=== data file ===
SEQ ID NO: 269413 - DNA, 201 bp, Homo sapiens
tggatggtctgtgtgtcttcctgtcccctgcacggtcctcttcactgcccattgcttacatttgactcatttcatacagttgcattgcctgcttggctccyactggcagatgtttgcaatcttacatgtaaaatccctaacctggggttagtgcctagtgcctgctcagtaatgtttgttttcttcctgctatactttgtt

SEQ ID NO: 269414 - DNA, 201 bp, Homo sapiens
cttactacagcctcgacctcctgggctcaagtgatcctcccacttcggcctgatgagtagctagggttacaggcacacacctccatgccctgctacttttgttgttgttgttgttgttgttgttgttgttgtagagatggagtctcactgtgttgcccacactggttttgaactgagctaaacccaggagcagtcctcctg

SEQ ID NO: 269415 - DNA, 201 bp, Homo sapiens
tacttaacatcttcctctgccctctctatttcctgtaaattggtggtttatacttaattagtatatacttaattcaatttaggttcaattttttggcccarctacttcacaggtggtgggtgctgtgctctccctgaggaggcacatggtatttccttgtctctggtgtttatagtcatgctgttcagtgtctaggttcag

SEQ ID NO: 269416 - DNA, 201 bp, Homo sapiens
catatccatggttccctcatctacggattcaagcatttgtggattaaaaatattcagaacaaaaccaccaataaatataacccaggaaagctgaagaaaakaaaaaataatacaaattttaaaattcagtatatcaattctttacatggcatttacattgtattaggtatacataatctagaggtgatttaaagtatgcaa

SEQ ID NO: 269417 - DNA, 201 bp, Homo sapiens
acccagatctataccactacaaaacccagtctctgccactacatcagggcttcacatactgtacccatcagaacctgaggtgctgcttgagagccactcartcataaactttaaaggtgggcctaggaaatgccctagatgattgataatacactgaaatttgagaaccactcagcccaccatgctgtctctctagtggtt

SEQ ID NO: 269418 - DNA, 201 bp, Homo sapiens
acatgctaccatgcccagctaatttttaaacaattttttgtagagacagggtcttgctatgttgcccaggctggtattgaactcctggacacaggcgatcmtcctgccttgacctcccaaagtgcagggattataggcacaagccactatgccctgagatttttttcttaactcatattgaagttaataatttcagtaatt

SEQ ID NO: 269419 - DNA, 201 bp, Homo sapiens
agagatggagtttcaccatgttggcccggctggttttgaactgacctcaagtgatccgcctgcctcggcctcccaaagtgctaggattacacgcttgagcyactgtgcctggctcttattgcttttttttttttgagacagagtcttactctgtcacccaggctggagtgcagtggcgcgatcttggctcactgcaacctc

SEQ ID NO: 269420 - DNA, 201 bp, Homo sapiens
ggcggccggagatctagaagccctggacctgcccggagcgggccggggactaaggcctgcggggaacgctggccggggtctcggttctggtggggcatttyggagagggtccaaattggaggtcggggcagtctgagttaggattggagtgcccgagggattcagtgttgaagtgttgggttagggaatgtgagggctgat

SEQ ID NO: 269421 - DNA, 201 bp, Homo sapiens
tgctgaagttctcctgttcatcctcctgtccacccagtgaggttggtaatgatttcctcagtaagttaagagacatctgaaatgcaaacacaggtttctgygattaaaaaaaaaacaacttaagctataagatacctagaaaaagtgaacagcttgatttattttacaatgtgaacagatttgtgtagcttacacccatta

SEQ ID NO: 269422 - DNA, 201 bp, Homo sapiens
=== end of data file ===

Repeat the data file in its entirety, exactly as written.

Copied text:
SEQ ID NO: 269413 - DNA, 201 bp, Homo sapiens
tggatggtctgtgtgtcttcctgtcccctgcacggtcctcttcactgcccattgcttacatttgactcatttcatacagttgcattgcctgcttggctccyactggcagatgtttgcaatcttacatgtaaaatccctaacctggggttagtgcctagtgcctgctcagtaatgtttgttttcttcctgctatactttgtt

SEQ ID NO: 269414 - DNA, 201 bp, Homo sapiens
cttactacagcctcgacctcctgggctcaagtgatcctcccacttcggcctgatgagtagctagggttacaggcacacacctccatgccctgctacttttgttgttgttgttgttgttgttgttgttgttgtagagatggagtctcactgtgttgcccacactggttttgaactgagctaaacccaggagcagtcctcctg

SEQ ID NO: 269415 - DNA, 201 bp, Homo sapiens
tacttaacatcttcctctgccctctctatttcctgtaaattggtggtttatacttaattagtatatacttaattcaatttaggttcaattttttggcccarctacttcacaggtggtgggtgctgtgctctccctgaggaggcacatggtatttccttgtctctggtgtttatagtcatgctgttcagtgtctaggttcag

SEQ ID NO: 269416 - DNA, 201 bp, Homo sapiens
catatccatggttccctcatctacggattcaagcatttgtggattaaaaatattcagaacaaaaccaccaataaatataacccaggaaagctgaagaaaakaaaaaataatacaaattttaaaattcagtatatcaattctttacatggcatttacattgtattaggtatacataatctagaggtgatttaaagtatgcaa

SEQ ID NO: 269417 - DNA, 201 bp, Homo sapiens
acccagatctataccactacaaaacccagtctctgccactacatcagggcttcacatactgtacccatcagaacctgaggtgctgcttgagagccactcartcataaactttaaaggtgggcctaggaaatgccctagatgattgataatacactgaaatttgagaaccactcagcccaccatgctgtctctctagtggtt

SEQ ID NO: 269418 - DNA, 201 bp, Homo sapiens
acatgctaccatgcccagctaatttttaaacaattttttgtagagacagggtcttgctatgttgcccaggctggtattgaactcctggacacaggcgatcmtcctgccttgacctcccaaagtgcagggattataggcacaagccactatgccctgagatttttttcttaactcatattgaagttaataatttcagtaatt

SEQ ID NO: 269419 - DNA, 201 bp, Homo sapiens
agagatggagtttcaccatgttggcccggctggttttgaactgacctcaagtgatccgcctgcctcggcctcccaaagtgctaggattacacgcttgagcyactgtgcctggctcttattgcttttttttttttgagacagagtcttactctgtcacccaggctggagtgcagtggcgcgatcttggctcactgcaacctc

SEQ ID NO: 269420 - DNA, 201 bp, Homo sapiens
ggcggccggagatctagaagccctggacctgcccggagcgggccggggactaaggcctgcggggaacgctggccggggtctcggttctggtggggcatttyggagagggtccaaattggaggtcggggcagtctgagttaggattggagtgcccgagggattcagtgttgaagtgttgggttagggaatgtgagggctgat

SEQ ID NO: 269421 - DNA, 201 bp, Homo sapiens
tgctgaagttctcctgttcatcctcctgtccacccagtgaggttggtaatgatttcctcagtaagttaagagacatctgaaatgcaaacacaggtttctgygattaaaaaaaaaacaacttaagctataagatacctagaaaaagtgaacagcttgatttattttacaatgtgaacagatttgtgtagcttacacccatta

SEQ ID NO: 269422 - DNA, 201 bp, Homo sapiens